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Part 2
Designing Your Journey

7) Challenges and Limits

8) Resources for Planning and Traveling

9) The Route You Take

10) The Weeks Before you Leave

11) The Budget

12) The Stuff in Your Pack and Why

7—Challenges & Limits

What is your 'explorer's edge'?

"Obviously, your task in designing a trip is to select the areas you want to visit and figure out how to piece together an itinerary. Where should you go? Anywhere. Everywhere. Somewhere . . . Trust yourself to answer this one. Every one of the places I've traveled to had something to offer. ...

...Many factors will work to trim your wish list down--the biggest being the set of real limits that characterize you and constrain the challenges you are willing to take on. Some travelers will climb 8,000 meter peaks in Nepal. Some might walk the back roads of a Rwanda freshly decimated by genocide. Some may journey solo through rural China where no one speaks English and foreigners are suspect. Travelers can do anything--but that doesn't mean you can. (See Lesson 1)."
Paul Otteson / The World Awaits / All Rights Reserved

In order to push your limits, you have to know what they are in the first place. Some are within you; some the world will shove in your face. To choose your destinations and activities wisely, take a long look at the challenges you're willing to face. The book takes a long look -- here's an overview:

The Challenges of Wealth and Poverty

"Hundreds of millions of people live in conditions similar to those which most Americans enjoy. Billions more do not. If you plan to follow a path that keeps you close to local reality in the countries you visit, consider what awaits you."
Paul Otteson / The World Awaits / All Rights Reserved

How well will your personal needs and sensibilities meld with the economic realities around the globe? Can you eat food prepared by someone living in a country where 80% of the children have intestinal parasites? Will your senses rebel at the dust, grit, and grime of the unpaved, badly lit, poorly plumbed towns of the developing world? Can you walk by scores of destitute beggars without emptying your dwindling travel purse?

The nations of the planet and the many regions within function along a continuum of economic health that runs from embarrassingly rich to disastrously poor. When I walked the lanes of Bern, Switzerland, I felt underdressed and underfunded. On a similar lane in Guatemala City, I felt conspicuously rich and somewhat at risk. In a nameless border village in northeast Thailand, it was as though I was from another economic planet.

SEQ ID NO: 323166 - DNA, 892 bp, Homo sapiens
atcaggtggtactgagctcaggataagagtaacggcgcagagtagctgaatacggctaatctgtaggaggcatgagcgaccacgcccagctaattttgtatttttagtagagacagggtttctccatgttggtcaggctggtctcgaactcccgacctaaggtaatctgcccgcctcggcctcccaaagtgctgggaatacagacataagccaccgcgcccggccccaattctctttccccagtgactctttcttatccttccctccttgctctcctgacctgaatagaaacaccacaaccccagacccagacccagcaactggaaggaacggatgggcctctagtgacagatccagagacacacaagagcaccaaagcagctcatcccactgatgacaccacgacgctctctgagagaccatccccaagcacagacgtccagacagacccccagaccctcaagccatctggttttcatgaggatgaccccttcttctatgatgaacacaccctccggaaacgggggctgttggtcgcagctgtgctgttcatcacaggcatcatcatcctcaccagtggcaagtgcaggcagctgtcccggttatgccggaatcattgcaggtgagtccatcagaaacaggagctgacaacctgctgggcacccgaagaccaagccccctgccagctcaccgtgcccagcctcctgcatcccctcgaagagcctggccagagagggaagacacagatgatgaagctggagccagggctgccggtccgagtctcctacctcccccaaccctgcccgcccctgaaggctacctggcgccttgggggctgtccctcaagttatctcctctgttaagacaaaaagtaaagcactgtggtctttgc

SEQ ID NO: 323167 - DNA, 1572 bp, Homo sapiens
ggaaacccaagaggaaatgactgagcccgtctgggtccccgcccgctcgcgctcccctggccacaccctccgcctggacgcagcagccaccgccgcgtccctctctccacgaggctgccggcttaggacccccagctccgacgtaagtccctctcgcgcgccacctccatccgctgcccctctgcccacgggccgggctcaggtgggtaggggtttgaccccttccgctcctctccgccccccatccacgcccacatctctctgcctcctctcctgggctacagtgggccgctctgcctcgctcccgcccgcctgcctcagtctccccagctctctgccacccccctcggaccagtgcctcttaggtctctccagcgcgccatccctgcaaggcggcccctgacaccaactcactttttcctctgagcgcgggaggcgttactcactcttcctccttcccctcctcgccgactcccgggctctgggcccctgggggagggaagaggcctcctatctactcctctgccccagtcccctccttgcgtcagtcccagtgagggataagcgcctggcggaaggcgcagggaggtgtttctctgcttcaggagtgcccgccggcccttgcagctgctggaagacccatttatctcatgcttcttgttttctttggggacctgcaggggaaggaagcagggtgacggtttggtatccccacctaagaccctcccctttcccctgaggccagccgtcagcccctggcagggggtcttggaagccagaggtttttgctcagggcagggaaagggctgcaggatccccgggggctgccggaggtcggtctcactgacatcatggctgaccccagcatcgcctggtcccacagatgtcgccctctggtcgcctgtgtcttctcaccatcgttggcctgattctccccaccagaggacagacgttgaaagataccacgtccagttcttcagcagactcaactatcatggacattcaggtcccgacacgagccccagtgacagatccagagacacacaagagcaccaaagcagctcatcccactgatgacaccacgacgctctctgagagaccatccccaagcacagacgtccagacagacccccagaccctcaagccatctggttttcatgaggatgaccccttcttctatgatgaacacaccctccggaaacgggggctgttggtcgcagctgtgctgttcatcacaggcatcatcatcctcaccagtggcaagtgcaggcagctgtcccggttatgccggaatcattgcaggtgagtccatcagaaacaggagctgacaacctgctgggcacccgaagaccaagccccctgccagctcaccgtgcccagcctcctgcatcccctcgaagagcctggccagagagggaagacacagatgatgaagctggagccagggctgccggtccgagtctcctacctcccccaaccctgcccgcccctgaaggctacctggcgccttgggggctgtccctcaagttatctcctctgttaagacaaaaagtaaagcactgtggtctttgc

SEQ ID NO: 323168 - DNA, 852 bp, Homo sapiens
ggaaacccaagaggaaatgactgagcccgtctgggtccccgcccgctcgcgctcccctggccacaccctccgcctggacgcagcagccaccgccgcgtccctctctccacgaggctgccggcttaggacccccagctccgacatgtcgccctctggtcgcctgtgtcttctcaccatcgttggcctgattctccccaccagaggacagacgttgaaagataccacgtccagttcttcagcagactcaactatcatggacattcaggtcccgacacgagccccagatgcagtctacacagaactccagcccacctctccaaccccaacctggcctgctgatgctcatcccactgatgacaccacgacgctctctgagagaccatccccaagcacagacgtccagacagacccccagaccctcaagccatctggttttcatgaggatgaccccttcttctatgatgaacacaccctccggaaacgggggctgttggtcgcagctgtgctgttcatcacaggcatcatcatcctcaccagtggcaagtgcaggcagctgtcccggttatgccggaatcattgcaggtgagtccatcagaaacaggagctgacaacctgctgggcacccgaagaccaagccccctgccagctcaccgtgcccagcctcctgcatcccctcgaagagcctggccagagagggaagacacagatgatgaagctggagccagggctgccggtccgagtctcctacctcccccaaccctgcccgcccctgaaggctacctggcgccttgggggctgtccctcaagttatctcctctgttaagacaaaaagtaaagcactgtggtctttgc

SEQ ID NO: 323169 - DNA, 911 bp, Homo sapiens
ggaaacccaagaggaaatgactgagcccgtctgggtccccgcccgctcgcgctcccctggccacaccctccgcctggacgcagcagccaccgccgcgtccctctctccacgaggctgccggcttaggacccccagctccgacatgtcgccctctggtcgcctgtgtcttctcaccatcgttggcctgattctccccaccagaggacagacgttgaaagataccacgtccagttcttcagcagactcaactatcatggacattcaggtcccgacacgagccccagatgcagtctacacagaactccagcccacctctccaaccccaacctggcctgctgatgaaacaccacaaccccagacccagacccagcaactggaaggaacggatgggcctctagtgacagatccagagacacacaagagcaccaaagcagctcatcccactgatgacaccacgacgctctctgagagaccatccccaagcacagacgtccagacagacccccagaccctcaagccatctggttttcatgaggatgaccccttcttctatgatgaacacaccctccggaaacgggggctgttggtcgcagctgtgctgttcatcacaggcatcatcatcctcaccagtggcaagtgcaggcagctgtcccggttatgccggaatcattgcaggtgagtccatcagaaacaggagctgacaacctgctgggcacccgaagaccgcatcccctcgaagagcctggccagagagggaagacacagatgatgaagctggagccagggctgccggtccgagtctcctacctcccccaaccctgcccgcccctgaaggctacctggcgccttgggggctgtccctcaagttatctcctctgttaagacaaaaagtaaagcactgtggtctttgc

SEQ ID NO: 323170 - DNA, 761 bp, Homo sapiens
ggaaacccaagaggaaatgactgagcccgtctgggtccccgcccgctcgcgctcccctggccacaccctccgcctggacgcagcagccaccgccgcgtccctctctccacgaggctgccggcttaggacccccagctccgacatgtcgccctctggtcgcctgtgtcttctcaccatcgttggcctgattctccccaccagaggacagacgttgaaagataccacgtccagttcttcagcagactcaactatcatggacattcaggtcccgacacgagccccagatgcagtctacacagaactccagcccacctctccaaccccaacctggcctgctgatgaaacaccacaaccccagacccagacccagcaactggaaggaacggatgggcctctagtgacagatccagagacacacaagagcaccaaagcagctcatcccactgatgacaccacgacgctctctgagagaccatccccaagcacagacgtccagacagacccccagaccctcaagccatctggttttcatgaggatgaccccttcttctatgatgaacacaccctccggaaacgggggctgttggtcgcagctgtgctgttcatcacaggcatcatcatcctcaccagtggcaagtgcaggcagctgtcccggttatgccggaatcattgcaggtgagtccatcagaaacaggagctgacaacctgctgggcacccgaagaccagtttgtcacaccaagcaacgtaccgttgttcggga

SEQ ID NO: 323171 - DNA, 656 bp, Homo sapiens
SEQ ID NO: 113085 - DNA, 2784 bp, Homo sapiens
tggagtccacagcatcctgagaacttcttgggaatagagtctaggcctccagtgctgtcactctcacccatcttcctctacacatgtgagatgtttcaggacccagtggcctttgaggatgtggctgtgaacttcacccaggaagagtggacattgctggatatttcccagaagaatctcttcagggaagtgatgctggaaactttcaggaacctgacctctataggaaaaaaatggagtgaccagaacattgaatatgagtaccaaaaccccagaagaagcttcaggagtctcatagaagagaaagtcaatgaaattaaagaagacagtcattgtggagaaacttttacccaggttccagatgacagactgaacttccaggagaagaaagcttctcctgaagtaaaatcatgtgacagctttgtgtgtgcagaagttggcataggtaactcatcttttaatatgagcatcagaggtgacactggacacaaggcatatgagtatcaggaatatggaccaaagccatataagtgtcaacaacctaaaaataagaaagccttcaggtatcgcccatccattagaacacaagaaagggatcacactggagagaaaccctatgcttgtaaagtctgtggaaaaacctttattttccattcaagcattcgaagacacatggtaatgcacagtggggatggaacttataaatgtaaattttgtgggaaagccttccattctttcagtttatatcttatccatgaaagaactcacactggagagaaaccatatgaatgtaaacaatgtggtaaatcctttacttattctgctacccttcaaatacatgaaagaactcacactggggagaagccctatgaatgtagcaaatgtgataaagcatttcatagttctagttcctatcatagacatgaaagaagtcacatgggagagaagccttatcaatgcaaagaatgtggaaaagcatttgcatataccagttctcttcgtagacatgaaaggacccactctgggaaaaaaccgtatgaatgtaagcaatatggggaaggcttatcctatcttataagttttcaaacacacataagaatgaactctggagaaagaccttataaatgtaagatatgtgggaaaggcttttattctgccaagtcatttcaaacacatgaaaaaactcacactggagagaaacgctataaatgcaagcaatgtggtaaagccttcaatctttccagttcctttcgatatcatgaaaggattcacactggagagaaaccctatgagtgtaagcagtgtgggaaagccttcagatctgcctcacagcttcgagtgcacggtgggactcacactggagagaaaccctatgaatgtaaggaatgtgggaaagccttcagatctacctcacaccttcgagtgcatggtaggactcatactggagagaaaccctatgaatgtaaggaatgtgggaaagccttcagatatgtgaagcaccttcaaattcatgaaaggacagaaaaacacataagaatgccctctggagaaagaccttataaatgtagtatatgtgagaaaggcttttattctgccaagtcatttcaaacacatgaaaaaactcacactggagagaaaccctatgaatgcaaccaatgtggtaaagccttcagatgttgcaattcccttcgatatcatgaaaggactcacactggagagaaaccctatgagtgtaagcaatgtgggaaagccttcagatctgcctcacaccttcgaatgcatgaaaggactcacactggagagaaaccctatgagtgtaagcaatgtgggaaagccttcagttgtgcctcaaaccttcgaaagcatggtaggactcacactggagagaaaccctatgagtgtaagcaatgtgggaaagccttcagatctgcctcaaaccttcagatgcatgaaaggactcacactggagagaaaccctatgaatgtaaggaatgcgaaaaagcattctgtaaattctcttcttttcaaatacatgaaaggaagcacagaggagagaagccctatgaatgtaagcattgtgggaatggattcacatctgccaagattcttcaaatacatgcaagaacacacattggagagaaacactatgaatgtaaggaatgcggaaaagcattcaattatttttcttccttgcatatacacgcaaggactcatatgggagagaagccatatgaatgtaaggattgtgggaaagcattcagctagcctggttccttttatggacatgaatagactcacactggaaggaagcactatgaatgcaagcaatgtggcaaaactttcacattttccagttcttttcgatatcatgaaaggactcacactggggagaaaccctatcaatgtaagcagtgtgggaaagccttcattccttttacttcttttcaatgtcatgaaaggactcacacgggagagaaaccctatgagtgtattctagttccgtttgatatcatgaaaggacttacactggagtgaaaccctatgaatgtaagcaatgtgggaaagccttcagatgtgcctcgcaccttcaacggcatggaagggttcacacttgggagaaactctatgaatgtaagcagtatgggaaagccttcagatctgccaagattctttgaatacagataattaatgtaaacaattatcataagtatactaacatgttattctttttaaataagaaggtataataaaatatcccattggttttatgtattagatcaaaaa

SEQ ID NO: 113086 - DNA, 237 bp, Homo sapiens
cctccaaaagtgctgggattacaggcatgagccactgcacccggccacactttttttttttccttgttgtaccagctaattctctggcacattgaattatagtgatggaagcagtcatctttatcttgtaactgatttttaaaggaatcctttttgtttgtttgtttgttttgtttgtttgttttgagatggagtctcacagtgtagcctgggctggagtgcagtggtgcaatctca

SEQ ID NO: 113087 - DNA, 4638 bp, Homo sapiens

Budget travel services and accommodations tend to be a direct reflection of the economic context. Consider what you're interested in dealing with before you sign on for weeks in the more challenging destinations of the world.

The Challenges of Political Reality

What's going on politically in that country you're thinking of visiting? Will you have smooth sailing, face moderate inconvenience, or be in danger? I explore the issue in depth in The World Awaits, discussing the considerations you should give to the following 'categories of hassle':


Whether it's the civil bureaucracy, the postal system, customs, immigration -- whatever -- you're likely to encounter the hassles of inefficiency almost anywhere a system of government can be found. Rarely will this irritate travelers to the point that they would cancel a segment of a journey to go somewhere else, but you may want to build in extra margins of time and patience when visiting lands famous for ridiculous wastes of effort.


Here is the darker side of inefficient bureaucracy and its underpaid, poorly supervised participants. Are you intimidated at the prospect of having to pay a bribe, an extra 'fee', or otherwise grease some palms to smooth out the rough edges of a travel? Regardless of any high level corruption that may be going on, you may have to deal with the minor variety face to face in certain locales. Those who don't care to deal with real and bluffed threats of trouble should consider avoiding certain areas.

Police State

How do big guns visibly displayed by stone-faced officers make you feel? Some nations and regions are very actively ready for trouble and demonstrate it by having police maintain a high profile. If they're prepared and perhaps expecting to employ force to control a situation, will you be comfortable strolling through the market or exploring the back streets?

Sexism, Racism, and Religious Persecution

"Here's where it starts to get really ugly. In many countries, women and/or people of certain persuasions, races and/or religions are at least limited and sometimes persecuted just for being who they are. No surprise here; we taste that aplenty in Western democracies as well. It's just that in many places, such bigotry is grossly manifested in the law and culture of the land."
Paul Otteson / The World Awaits / All Rights Reserved

In a number of destinations, you will get an in-your-face taste of lower human rights standards than you may be used to -- a taste you'll experience either as a witness or a victim. Does that sound like a challenge you want to face?